Can an Employer Fire An Employee Because the Employee Refuses to Commit Perjury?

No.  Kentucky courts have ruled that an employee fired because he or she refuses to commit perjury in a legal proceeding may pursue a claim for wrongful discharge to recover their damages as well as punitive damages. Hill v Kentucky Lottery Corp, 327 SW3d 412 (Ky 2010) and Northeast Health Mgmt., Inc. v. Cotton, 56 S.W.3d 440, 449 (Ky App. 2001). The Sixth Circuit recently upheld a jury's verdict in a fired employee's favor where the jury found that the employee was fired for refusing to commit perjury in regard to a sex discrimination case against the employer. Burton v. Zwicker & Associates, No 13-5406 (August 22, 2014)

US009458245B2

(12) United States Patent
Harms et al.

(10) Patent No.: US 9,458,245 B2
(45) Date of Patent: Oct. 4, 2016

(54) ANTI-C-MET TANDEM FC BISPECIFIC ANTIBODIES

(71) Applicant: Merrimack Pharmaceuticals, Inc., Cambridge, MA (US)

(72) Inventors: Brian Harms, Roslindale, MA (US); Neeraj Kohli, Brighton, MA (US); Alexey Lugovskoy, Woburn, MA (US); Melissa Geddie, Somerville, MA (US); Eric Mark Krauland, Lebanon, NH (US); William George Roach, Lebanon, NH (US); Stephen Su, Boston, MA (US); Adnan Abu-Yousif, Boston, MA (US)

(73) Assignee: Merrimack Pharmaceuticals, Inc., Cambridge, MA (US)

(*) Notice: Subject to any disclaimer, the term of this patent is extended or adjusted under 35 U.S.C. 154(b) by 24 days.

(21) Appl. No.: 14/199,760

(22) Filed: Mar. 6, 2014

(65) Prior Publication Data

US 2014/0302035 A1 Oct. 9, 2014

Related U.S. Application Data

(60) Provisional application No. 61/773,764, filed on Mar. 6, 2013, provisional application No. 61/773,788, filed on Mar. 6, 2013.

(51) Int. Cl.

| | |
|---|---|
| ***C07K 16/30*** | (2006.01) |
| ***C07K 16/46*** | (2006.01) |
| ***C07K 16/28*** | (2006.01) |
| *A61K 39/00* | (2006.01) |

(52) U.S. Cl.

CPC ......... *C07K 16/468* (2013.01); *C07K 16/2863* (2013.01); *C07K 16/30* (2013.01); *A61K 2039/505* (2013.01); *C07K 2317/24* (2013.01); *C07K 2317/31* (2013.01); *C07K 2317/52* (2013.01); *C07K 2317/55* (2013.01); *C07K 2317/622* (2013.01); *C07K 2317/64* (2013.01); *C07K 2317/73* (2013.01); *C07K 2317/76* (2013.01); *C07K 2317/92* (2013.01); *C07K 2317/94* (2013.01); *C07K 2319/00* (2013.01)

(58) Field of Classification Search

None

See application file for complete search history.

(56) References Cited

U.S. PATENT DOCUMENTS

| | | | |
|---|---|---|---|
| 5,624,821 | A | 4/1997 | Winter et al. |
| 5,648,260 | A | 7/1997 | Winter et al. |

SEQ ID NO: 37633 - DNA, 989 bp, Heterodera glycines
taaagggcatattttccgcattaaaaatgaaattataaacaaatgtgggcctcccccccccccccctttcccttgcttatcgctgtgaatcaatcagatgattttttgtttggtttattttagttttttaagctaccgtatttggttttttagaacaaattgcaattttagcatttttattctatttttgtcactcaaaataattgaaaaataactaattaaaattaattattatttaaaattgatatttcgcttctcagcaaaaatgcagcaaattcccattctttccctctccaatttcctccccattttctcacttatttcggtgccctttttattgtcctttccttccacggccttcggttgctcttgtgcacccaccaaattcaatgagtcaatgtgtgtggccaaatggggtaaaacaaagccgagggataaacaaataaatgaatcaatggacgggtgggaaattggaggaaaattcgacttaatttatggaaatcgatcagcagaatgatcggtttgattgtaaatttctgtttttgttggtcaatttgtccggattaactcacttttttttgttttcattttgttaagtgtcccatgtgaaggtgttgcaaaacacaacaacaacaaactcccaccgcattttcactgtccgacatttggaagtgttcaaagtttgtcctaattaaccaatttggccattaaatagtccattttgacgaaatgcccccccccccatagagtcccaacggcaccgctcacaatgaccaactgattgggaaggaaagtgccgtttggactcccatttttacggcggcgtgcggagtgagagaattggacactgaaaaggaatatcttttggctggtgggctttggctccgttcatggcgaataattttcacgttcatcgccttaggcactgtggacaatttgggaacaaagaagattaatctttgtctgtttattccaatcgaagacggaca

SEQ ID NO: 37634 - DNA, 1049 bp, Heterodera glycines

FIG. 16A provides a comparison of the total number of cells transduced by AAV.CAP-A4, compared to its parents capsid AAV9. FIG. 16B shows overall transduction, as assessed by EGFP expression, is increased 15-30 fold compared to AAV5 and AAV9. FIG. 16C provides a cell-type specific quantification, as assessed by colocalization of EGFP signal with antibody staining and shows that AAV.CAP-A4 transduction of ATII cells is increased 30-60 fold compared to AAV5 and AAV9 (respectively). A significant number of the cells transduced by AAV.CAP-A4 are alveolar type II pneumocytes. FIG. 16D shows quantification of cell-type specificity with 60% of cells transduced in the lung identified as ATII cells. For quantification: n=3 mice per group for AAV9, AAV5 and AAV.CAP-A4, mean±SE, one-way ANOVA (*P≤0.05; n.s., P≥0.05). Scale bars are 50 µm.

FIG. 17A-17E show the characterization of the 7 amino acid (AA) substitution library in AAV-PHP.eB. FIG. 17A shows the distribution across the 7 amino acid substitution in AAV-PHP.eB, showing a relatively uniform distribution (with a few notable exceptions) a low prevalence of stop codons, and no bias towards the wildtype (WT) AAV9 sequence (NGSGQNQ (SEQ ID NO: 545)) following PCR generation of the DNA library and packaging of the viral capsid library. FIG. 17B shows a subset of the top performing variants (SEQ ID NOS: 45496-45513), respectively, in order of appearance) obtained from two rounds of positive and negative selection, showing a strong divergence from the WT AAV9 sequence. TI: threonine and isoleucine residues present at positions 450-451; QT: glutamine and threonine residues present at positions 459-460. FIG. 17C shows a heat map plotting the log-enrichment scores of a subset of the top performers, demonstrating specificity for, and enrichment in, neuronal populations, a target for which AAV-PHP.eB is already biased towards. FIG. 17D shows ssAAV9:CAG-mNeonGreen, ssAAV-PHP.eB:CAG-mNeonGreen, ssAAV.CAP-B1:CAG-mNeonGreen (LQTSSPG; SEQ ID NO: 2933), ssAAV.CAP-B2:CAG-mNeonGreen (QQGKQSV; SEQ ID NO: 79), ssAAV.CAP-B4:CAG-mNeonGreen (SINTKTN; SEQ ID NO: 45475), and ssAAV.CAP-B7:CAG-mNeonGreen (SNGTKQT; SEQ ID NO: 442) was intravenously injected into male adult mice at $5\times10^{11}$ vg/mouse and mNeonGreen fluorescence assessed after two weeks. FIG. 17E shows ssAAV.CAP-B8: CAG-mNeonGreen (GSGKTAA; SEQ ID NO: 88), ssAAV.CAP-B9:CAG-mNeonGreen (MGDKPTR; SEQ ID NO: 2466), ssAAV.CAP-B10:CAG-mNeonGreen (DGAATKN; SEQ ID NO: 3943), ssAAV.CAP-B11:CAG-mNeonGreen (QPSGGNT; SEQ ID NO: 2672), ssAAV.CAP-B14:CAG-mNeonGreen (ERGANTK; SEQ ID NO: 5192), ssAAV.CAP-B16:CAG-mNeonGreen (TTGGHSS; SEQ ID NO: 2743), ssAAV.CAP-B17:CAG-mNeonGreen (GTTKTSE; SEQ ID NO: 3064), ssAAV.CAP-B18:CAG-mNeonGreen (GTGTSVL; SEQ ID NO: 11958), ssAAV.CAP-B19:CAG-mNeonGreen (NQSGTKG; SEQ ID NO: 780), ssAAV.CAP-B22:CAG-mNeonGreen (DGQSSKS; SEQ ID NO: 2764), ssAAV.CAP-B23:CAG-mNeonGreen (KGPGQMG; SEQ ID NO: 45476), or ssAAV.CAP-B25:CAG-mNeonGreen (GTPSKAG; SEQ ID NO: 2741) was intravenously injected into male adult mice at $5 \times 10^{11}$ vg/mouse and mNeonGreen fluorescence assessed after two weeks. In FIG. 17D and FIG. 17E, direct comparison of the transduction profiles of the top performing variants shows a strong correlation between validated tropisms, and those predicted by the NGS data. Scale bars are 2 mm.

The Burton decision is discussed further on Robert Abell's Kentucky Employment Law Blog: An Employer Cannot Fire An Employee Because the Employee Refuses to Commit Perjury.